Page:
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Press Release Archive (2014)

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Juvenile Arthritis Awareness Month

Most people don't know that kids get arthritis, too. A child's immune system is not fully formed until about age 18; so an "autoimmune" form of arthritis is especially virulent in children, compromising their ability fight normal diseases and leaving them open to complications that may affect their eyes, bone growth, etc.

Juvenile arthritis (JA) refers to any form of arthritis or an arthritis-related condition that develops in children or teenagers who are less than 18 years of age.

Impact of Juvenile Arthritis:

  • Approximately 294,000 children under the age of 18 are affected by pediatric arthritis and rheumatologic conditions.
  • State prevalence numbers for pediatric arthritis and rheumatologic conditions are available in the "Prevalence of and Annual Ambulatory Health Care Visits for Pediatric Arthritis and Other Rheumatologic Conditions in the US in 2001-2004".
  • Ambulatory care visits for pediatric arthritis and rheumatologic conditions averaged 827,000 annually.
  • Juvenile arthritis is one of the most common childhood diseases in the United States.
  • Arthritis and related conditions, such as juvenile arthritis, cost the U.S. economy nearly $128 billion per year in medical care and indirect expenses, including lost wages and productivity.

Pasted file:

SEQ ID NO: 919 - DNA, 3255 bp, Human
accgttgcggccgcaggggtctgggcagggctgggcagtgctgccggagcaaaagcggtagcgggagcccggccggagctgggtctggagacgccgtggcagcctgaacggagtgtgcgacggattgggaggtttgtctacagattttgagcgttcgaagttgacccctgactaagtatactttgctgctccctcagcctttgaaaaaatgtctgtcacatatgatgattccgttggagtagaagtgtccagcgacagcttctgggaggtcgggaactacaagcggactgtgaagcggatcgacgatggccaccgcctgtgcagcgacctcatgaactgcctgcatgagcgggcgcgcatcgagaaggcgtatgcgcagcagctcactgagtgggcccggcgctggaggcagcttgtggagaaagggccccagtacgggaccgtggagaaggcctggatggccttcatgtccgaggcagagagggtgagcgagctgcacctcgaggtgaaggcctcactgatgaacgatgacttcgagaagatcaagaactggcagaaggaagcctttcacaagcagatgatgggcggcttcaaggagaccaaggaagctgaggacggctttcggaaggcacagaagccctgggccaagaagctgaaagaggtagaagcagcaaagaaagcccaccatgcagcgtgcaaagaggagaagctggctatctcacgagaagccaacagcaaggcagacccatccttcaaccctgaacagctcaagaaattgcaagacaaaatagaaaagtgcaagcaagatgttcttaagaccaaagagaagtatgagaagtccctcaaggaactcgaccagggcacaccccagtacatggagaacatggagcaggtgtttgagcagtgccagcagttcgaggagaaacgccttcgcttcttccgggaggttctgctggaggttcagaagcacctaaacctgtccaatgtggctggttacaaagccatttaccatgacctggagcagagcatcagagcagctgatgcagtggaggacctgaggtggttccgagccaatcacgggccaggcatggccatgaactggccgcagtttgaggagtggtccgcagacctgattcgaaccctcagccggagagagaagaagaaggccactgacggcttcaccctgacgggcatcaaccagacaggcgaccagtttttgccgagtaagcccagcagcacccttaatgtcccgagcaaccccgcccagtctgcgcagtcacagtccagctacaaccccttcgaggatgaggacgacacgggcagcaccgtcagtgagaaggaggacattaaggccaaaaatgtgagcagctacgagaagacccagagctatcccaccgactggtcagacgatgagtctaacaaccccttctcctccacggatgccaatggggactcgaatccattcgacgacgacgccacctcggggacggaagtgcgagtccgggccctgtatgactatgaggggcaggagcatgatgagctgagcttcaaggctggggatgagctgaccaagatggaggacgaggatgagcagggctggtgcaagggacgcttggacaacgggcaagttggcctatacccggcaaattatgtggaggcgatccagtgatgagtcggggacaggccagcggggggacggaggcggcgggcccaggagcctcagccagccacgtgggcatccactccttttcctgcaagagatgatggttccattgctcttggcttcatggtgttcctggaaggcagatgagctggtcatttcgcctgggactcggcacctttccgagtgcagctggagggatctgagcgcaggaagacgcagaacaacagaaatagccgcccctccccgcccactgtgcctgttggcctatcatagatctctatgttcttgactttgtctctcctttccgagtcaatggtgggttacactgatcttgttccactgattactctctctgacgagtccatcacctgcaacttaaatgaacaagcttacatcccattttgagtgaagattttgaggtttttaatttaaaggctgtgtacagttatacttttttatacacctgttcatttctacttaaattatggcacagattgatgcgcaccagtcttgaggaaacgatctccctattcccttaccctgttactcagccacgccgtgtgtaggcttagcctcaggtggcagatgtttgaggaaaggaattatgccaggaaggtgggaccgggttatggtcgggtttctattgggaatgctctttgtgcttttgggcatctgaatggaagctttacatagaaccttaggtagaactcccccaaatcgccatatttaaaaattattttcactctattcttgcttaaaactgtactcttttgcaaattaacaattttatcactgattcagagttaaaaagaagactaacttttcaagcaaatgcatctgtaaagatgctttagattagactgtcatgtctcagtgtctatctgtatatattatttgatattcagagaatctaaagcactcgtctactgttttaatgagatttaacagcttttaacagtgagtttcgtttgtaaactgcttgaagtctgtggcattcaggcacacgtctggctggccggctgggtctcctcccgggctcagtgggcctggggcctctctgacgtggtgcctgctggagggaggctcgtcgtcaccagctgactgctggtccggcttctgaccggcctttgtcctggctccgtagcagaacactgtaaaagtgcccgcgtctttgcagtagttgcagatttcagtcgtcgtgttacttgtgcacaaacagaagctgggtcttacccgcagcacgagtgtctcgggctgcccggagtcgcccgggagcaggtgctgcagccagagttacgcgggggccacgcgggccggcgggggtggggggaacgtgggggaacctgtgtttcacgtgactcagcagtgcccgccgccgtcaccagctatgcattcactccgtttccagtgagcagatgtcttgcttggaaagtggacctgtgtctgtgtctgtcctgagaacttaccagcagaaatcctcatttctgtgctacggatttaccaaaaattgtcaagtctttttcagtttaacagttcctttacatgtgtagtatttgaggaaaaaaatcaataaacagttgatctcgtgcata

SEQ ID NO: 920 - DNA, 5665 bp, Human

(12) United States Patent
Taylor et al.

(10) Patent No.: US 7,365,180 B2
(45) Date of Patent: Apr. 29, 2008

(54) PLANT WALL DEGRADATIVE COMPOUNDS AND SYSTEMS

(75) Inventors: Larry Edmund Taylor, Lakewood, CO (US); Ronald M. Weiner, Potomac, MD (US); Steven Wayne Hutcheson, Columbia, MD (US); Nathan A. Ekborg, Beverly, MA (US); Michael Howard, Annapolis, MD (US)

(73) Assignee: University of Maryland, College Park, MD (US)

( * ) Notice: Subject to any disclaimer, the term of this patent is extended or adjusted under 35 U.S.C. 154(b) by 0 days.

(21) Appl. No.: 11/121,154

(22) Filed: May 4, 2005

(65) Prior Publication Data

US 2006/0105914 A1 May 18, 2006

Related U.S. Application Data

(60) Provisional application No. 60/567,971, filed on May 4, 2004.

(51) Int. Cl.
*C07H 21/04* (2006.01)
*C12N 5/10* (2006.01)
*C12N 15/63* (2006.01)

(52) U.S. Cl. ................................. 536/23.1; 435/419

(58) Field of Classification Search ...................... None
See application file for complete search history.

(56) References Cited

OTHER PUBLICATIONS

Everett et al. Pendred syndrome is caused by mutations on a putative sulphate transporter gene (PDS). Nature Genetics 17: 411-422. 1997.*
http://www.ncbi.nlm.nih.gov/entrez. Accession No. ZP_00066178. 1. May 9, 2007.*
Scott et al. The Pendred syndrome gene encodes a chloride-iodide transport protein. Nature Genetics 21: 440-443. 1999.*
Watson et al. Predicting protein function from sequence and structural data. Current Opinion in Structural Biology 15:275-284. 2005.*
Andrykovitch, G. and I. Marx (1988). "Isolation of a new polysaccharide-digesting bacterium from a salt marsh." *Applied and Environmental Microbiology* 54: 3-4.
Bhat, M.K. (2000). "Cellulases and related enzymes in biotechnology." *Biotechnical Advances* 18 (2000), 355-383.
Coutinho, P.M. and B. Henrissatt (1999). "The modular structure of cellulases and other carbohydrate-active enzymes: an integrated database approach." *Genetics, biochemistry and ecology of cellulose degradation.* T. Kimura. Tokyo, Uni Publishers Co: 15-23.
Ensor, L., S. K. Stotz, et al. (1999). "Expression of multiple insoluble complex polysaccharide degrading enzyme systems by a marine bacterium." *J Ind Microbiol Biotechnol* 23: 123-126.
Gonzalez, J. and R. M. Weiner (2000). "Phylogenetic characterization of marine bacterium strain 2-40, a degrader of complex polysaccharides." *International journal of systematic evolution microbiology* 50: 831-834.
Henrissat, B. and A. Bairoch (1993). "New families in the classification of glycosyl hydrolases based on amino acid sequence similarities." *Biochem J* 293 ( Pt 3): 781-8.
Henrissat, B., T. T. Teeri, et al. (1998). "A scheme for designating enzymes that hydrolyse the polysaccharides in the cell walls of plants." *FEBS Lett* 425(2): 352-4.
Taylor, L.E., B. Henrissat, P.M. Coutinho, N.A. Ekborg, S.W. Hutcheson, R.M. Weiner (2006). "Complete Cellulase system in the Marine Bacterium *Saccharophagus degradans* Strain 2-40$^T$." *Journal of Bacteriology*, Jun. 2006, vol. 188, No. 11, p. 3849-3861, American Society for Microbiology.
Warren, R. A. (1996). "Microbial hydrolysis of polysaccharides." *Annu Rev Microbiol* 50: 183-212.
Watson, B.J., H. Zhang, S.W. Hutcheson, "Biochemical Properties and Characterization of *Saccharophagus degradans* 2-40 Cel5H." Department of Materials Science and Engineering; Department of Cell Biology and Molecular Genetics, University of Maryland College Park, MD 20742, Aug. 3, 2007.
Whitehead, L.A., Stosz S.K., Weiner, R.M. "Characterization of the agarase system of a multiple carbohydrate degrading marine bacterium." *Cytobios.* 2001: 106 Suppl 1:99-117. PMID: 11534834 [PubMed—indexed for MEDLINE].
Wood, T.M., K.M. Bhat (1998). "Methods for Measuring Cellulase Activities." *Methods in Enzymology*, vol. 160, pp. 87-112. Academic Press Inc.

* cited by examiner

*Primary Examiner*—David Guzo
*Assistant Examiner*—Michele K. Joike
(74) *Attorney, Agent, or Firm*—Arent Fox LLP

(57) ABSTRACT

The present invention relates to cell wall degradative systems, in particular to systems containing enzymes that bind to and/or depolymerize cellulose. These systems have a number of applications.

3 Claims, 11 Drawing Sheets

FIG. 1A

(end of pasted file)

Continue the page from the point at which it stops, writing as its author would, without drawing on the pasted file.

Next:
Common Symptoms of Juvenile Arthritis:

  • Pain, swelling, tenderness and stiffness of joints, causing limited range of motion
  • Joint contracture, which results from holding a painful joint in a flexed position for an extended period
  • Damage to joint cartilage and bone leading to joint deformity and impaired use of the joint
  • Altered growth of bone and joints leading to short stature

Types of Juvenile Arthritis:

Polyarticular juvenile rheumatoid arthritis (JRA) - or juvenile idiopathic arthritis (JIA) - typically affects five or more joints and:

  • affects girls more frequently than boys
  • most commonly affects knees, wrists and ankles
  • can affect weight-bearing and other joints, including hips, neck, shoulders and jaw
  • often affects the same joint on both sides of the body

Pauciarticular juvenile rheumatoid arthritis (JRA) - or juvenile idiopathic arthritis (JIA) - affects typically four or fewer joints and:

  • usually affects the large joints: knees, ankles or wrists
  • often affects a joint on one side of the body only, particularly the knee
  • may cause eye inflammation (uveitis) which is seen most frequently in young girls with positive anti-nuclear antibodies (ANA)

Systemic onset juvenile rheumatoid arthritis (JRA) - or juvenile idiopathic arthritis (JIA) - can:

  • affect boys and girls equallycause high, spiking fevers of 103 degrees or higher, lasting for weeks or even months
  • cause a rash consisting of pale, red spots on the child's chest, thighs and sometimes other parts of the body
  • cause arthritis in the small joints of the hands, wrists, knees and ankles

Learn more at the Arthritis Foundation website.

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